Nika Bartoo-Smith

Republished from Indian Country Today, November 16, 2023 , This story is co-published by Underscore News and ICT , a news partnership that covers Indigenous communities in the Pacific Northwest.*

During a contentious week at the 80th annual National Congress of American Indians conference, members took a vote on two constitutional amendments that would exclude state-recognized nations from voting membership. Both proposed constitutional amendments failed.

If the amendments had passed, state-recognized nations could still be members of NCAI, but they would not be able to vote on important issues, such as presidential elections.

In the election Thursday morning, both proposed constitutional amendments failed – a win for the 24 tribes who would have been automatically excluded from voting membership if the amendment had succeeded.

Proposal one: to amend NCAI to limit membership to federally recognized tribes was rejected, with 55.67 percent against and 44.3 percent of voters in favor, according to real time reporting by Indianz.

Proposal two: to amend NCAI to limit individual membership and leadership positions to citizens of federally recognized tribes was also rejected with 56.1 percent against and 43 percent of voters in favor, according to real time reporting by Indianz.

At least two-thirds of the votes were needed in order for the proposed amendments to pass. Also on Thursday, members elected Mark Macarro, chairman of the Pechanga Band of Indians, as NCAI's newest president elect.

For the principal chief of the tribal nation whose homelands the meeting is taking place on, the outcome of the vote was especially meaningful.

"We were thrilled when we learned that NCAI would be held here in New Orleans – couldn't wait to share our rich culture, food, music and traditions with you," said Lora Ann Chaisson, principal chief of the United Houma Nation, during the deliberation period on Tuesday. "Imagine my shock and surprise and sadness when I learned that tribes from miles away are coming to our ancestral homelands to tell us, the United Houma Nation, a host tribe, that not only are we not a tribe, but that we are not even Indian people."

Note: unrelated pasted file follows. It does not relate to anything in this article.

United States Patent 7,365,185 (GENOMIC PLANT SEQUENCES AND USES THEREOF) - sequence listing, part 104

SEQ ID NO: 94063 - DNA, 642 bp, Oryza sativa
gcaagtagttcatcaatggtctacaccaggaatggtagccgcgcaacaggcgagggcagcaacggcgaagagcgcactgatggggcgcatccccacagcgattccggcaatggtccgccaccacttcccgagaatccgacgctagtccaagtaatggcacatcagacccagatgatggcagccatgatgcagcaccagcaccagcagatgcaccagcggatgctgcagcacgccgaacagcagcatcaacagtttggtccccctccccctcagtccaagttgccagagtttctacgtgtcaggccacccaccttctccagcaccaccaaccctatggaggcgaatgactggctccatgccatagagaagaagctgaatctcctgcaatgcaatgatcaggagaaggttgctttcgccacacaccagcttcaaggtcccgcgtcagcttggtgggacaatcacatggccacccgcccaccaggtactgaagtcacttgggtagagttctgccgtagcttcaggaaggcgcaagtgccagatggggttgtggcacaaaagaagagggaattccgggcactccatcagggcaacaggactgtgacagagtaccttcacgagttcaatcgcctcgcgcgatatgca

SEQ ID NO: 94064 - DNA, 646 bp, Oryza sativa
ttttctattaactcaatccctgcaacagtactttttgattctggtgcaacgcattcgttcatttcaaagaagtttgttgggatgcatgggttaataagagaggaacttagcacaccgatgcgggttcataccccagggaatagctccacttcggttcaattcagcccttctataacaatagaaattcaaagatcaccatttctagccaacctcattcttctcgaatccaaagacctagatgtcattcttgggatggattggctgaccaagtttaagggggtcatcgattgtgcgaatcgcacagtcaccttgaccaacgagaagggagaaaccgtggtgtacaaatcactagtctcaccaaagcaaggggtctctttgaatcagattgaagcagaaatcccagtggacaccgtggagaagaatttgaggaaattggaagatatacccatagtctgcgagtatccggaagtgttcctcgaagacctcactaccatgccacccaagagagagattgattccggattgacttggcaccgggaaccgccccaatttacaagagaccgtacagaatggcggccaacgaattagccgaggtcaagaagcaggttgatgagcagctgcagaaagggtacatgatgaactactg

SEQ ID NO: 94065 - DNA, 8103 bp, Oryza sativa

The amendments

The first proposed amendment, sponsored by the Eastern Band of Cherokee and the Shawnee Tribe, would require all member nations to be included on the annual list published in the Federal Register, as specified under the Federally Recognized Tribes List Act in order to be eligible for voting membership. It specifies that state-recognized nations would be eligible for membership, but would not have the ability to vote.

The second proposed amendment, sponsored by the Ute Indian Tribe, would require all individual members to be members of a nation included on the list of federally recognized Native nations to be eligible for voting membership. It would also mean that to qualify for an official nomination, an individual must be part of a federally recognized nation.

Marshall Pierite, the Chairman and CEO of the Tunica-Biloxi Tribe of Louisiana, competed against two other candidates in the National Congress of American Indians presidential elections. Pierite did not win in the elections – instead Mark Macarro, the Chairman of the Pechanga Band of Indians became the newest NCAI president elect. In a speech on Tuesday, he spoke out against the proposed constitutional amendments. "Our purpose is to secure for ourselves and our descendents the rights and benefits, the traditional laws of our people to which we are entitled as sovereign nations. The proposed amendment offends this founding principle of NCAI," he said in his speech. (Photo Courtesy of Eddie Sherman)

State versus federal recognition – what does it mean?

Sovereignty is not determined or bestowed by the U.S. government. Tribal nations determine their own sovereignty – and that has existed for each tribe since time immemorial. However, the federal government determines federal recognition of a tribal nation's sovereign status – through a byzantine process that excludes some.

To date, there are 574 federally recognized Native nations. As of 2019, there were 66 state recognized Native nations across 13 states, according to the National Conference of State Legislatures.

For the 574 federally recognized nations, this means the federal government, through the Bureau of Indian Affairs, has recognized their sovereign rights to govern themselves and engage in government-to-government relations with the United States government, according to the Bureau of Indian Affairs website.